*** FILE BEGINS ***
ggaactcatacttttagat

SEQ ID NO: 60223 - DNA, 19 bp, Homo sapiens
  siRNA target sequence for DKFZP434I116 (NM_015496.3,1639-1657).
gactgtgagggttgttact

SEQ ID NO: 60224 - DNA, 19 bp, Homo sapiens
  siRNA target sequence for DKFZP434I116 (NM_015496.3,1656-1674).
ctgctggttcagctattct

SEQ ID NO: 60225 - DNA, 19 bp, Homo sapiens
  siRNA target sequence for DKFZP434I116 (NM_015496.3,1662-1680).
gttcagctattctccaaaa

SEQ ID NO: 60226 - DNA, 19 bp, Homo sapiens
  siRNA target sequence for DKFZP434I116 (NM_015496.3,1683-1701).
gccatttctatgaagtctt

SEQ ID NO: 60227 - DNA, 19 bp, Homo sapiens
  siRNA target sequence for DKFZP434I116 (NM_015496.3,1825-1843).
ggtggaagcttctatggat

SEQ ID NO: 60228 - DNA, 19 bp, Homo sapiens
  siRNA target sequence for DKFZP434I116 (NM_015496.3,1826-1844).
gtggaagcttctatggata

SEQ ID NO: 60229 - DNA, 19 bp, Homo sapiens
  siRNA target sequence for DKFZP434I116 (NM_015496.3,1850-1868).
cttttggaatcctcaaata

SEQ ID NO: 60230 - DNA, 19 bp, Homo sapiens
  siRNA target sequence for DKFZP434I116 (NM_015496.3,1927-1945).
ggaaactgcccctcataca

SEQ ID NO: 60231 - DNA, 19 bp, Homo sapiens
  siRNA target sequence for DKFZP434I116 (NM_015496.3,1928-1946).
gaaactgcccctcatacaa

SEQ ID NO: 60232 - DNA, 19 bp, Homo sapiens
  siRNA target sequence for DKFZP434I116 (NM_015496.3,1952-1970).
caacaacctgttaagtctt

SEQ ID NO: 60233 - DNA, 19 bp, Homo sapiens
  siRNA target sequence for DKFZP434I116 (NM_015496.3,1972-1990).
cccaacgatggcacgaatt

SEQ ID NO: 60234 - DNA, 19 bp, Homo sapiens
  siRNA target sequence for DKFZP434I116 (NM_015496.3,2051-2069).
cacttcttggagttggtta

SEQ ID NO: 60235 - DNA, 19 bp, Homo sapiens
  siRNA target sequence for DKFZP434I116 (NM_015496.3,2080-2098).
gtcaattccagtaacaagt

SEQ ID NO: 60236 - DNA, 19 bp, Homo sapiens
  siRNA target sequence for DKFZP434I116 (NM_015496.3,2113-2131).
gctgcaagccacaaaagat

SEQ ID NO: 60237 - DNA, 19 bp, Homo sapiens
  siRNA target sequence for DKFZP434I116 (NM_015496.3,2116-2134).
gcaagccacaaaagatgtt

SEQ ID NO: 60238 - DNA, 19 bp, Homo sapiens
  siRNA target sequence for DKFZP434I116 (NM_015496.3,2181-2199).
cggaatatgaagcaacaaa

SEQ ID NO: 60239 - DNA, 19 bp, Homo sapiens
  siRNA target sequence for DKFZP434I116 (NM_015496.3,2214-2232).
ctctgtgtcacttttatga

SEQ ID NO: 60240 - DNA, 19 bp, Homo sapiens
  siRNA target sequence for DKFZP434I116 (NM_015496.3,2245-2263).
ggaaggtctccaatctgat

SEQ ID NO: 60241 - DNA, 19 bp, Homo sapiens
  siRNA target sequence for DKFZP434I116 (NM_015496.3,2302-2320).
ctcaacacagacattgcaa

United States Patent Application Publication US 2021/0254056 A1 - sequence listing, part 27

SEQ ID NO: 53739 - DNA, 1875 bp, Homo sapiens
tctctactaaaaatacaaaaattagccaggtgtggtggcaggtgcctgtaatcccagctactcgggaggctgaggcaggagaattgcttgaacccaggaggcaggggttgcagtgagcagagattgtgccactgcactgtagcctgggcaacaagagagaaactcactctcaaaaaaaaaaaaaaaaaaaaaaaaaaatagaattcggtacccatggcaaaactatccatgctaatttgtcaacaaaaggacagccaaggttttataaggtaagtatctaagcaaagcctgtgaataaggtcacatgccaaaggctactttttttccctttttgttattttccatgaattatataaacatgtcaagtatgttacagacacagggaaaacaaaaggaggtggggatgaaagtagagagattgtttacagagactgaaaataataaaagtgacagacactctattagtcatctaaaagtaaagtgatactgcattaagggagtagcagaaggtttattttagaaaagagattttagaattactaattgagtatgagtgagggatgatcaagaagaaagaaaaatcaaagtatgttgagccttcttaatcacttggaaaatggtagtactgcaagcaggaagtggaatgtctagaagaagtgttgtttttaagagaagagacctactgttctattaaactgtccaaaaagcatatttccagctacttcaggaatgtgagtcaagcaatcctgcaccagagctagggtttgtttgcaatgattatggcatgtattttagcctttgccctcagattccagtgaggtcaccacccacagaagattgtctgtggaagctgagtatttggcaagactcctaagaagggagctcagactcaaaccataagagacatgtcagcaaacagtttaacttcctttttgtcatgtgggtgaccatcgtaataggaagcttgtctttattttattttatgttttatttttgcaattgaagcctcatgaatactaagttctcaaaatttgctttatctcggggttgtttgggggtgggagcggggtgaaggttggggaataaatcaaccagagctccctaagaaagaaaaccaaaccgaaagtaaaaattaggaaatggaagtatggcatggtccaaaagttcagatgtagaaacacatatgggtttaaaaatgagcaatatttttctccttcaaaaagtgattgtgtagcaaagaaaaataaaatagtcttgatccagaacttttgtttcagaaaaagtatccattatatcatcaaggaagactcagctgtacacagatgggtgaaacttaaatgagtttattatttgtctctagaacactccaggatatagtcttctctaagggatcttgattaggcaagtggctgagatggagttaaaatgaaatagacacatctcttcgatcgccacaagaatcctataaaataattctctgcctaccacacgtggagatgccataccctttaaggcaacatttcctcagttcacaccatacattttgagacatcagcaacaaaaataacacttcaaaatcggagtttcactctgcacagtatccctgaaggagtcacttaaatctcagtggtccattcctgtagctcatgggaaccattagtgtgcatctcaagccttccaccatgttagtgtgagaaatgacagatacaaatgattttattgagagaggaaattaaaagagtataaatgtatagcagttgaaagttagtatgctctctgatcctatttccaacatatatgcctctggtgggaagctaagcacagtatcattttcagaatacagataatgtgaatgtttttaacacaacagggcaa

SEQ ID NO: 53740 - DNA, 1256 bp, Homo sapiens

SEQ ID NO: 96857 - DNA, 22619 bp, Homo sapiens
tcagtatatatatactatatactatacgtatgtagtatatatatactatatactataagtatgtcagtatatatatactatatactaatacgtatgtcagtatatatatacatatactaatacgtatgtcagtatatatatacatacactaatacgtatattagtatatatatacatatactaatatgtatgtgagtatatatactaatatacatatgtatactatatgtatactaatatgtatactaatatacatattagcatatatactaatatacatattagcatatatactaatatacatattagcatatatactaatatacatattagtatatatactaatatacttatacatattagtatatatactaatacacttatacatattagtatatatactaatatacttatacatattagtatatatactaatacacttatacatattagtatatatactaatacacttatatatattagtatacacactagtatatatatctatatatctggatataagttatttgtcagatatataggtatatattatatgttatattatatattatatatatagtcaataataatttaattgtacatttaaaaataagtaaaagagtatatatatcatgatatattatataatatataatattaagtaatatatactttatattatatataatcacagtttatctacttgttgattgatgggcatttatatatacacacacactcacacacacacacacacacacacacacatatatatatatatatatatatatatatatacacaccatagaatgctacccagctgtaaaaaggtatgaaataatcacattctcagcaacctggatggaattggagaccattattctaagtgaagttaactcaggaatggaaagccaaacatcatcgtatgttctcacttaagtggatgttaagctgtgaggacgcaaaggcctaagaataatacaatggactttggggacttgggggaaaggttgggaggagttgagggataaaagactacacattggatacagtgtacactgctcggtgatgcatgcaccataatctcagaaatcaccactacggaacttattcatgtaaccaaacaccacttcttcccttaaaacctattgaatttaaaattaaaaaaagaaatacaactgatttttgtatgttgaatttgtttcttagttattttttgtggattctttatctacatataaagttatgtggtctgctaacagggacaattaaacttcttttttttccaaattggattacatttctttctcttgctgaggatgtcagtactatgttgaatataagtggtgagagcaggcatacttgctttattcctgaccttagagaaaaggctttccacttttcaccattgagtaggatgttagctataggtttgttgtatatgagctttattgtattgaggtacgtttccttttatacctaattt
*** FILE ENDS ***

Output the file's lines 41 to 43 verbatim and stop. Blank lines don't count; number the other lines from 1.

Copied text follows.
SEQ ID NO: 60236 - DNA, 19 bp, Homo sapiens
  siRNA target sequence for DKFZP434I116 (NM_015496.3,2113-2131).
gctgcaagccacaaaagat